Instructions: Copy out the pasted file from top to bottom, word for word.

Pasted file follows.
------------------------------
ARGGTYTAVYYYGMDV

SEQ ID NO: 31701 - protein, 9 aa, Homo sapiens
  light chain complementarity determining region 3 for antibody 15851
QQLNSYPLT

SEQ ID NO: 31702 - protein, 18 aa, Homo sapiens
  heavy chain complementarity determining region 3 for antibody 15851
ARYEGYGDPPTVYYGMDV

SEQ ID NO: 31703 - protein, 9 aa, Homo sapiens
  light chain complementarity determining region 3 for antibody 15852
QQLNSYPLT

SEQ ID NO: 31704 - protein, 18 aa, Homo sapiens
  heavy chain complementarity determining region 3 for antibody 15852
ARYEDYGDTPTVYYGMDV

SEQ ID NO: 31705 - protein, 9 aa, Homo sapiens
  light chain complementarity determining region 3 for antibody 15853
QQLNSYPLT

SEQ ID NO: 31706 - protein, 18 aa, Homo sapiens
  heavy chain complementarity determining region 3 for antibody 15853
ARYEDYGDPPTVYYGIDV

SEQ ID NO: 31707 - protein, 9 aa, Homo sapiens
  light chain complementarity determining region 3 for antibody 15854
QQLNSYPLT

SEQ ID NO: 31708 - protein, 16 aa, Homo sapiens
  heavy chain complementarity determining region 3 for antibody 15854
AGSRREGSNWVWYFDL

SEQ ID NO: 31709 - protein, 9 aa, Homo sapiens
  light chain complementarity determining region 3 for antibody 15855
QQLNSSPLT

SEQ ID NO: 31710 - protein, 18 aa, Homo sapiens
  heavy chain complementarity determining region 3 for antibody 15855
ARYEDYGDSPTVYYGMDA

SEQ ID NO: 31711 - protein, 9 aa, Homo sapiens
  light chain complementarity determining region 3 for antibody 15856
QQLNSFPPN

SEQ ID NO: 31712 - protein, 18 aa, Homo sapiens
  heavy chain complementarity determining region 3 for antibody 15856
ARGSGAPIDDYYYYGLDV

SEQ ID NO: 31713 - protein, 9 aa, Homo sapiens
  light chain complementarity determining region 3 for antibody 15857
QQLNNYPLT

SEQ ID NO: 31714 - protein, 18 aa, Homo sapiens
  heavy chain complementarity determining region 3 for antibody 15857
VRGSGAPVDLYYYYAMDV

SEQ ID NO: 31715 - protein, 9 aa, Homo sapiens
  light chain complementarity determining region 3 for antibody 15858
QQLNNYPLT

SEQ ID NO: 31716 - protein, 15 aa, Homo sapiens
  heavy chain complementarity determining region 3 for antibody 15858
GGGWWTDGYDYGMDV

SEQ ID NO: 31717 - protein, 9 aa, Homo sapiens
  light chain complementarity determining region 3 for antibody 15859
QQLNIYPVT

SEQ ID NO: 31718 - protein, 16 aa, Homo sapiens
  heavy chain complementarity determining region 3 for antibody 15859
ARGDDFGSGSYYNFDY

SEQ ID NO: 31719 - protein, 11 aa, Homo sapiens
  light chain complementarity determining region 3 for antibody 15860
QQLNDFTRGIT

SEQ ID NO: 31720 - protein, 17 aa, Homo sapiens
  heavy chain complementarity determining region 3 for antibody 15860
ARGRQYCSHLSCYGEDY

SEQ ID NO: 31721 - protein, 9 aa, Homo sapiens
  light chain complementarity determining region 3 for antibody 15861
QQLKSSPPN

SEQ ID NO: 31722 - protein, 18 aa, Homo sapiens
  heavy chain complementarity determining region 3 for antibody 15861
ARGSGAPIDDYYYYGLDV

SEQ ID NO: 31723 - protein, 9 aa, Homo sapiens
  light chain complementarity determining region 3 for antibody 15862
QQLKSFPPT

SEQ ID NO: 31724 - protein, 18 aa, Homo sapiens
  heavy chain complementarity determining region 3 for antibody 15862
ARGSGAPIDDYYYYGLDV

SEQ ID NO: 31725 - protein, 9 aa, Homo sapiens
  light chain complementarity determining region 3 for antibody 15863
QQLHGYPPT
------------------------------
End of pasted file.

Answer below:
ARGGTYTAVYYYGMDV

SEQ ID NO: 31701 - protein, 9 aa, Homo sapiens
  light chain complementarity determining region 3 for antibody 15851
QQLNSYPLT

SEQ ID NO: 31702 - protein, 18 aa, Homo sapiens
  heavy chain complementarity determining region 3 for antibody 15851
ARYEGYGDPPTVYYGMDV

SEQ ID NO: 31703 - protein, 9 aa, Homo sapiens
  light chain complementarity determining region 3 for antibody 15852
QQLNSYPLT

SEQ ID NO: 31704 - protein, 18 aa, Homo sapiens
  heavy chain complementarity determining region 3 for antibody 15852
ARYEDYGDTPTVYYGMDV

SEQ ID NO: 31705 - protein, 9 aa, Homo sapiens
  light chain complementarity determining region 3 for antibody 15853
QQLNSYPLT

SEQ ID NO: 31706 - protein, 18 aa, Homo sapiens
  heavy chain complementarity determining region 3 for antibody 15853
ARYEDYGDPPTVYYGIDV

SEQ ID NO: 31707 - protein, 9 aa, Homo sapiens
  light chain complementarity determining region 3 for antibody 15854
QQLNSYPLT

SEQ ID NO: 31708 - protein, 16 aa, Homo sapiens
  heavy chain complementarity determining region 3 for antibody 15854
AGSRREGSNWVWYFDL

SEQ ID NO: 31709 - protein, 9 aa, Homo sapiens
  light chain complementarity determining region 3 for antibody 15855
QQLNSSPLT

SEQ ID NO: 31710 - protein, 18 aa, Homo sapiens
  heavy chain complementarity determining region 3 for antibody 15855
ARYEDYGDSPTVYYGMDA

SEQ ID NO: 31711 - protein, 9 aa, Homo sapiens
  light chain complementarity determining region 3 for antibody 15856
QQLNSFPPN

SEQ ID NO: 31712 - protein, 18 aa, Homo sapiens
  heavy chain complementarity determining region 3 for antibody 15856
ARGSGAPIDDYYYYGLDV

SEQ ID NO: 31713 - protein, 9 aa, Homo sapiens
  light chain complementarity determining region 3 for antibody 15857
QQLNNYPLT

SEQ ID NO: 31714 - protein, 18 aa, Homo sapiens
  heavy chain complementarity determining region 3 for antibody 15857
VRGSGAPVDLYYYYAMDV

SEQ ID NO: 31715 - protein, 9 aa, Homo sapiens
  light chain complementarity determining region 3 for antibody 15858
QQLNNYPLT

SEQ ID NO: 31716 - protein, 15 aa, Homo sapiens
  heavy chain complementarity determining region 3 for antibody 15858
GGGWWTDGYDYGMDV

SEQ ID NO: 31717 - protein, 9 aa, Homo sapiens
  light chain complementarity determining region 3 for antibody 15859
QQLNIYPVT

SEQ ID NO: 31718 - protein, 16 aa, Homo sapiens
  heavy chain complementarity determining region 3 for antibody 15859
ARGDDFGSGSYYNFDY

SEQ ID NO: 31719 - protein, 11 aa, Homo sapiens
  light chain complementarity determining region 3 for antibody 15860
QQLNDFTRGIT

SEQ ID NO: 31720 - protein, 17 aa, Homo sapiens
  heavy chain complementarity determining region 3 for antibody 15860
ARGRQYCSHLSCYGEDY

SEQ ID NO: 31721 - protein, 9 aa, Homo sapiens
  light chain complementarity determining region 3 for antibody 15861
QQLKSSPPN

SEQ ID NO: 31722 - protein, 18 aa, Homo sapiens
  heavy chain complementarity determining region 3 for antibody 15861
ARGSGAPIDDYYYYGLDV

SEQ ID NO: 31723 - protein, 9 aa, Homo sapiens
  light chain complementarity determining region 3 for antibody 15862
QQLKSFPPT

SEQ ID NO: 31724 - protein, 18 aa, Homo sapiens
  heavy chain complementarity determining region 3 for antibody 15862
ARGSGAPIDDYYYYGLDV

SEQ ID NO: 31725 - protein, 9 aa, Homo sapiens
  light chain complementarity determining region 3 for antibody 15863
QQLHGYPPT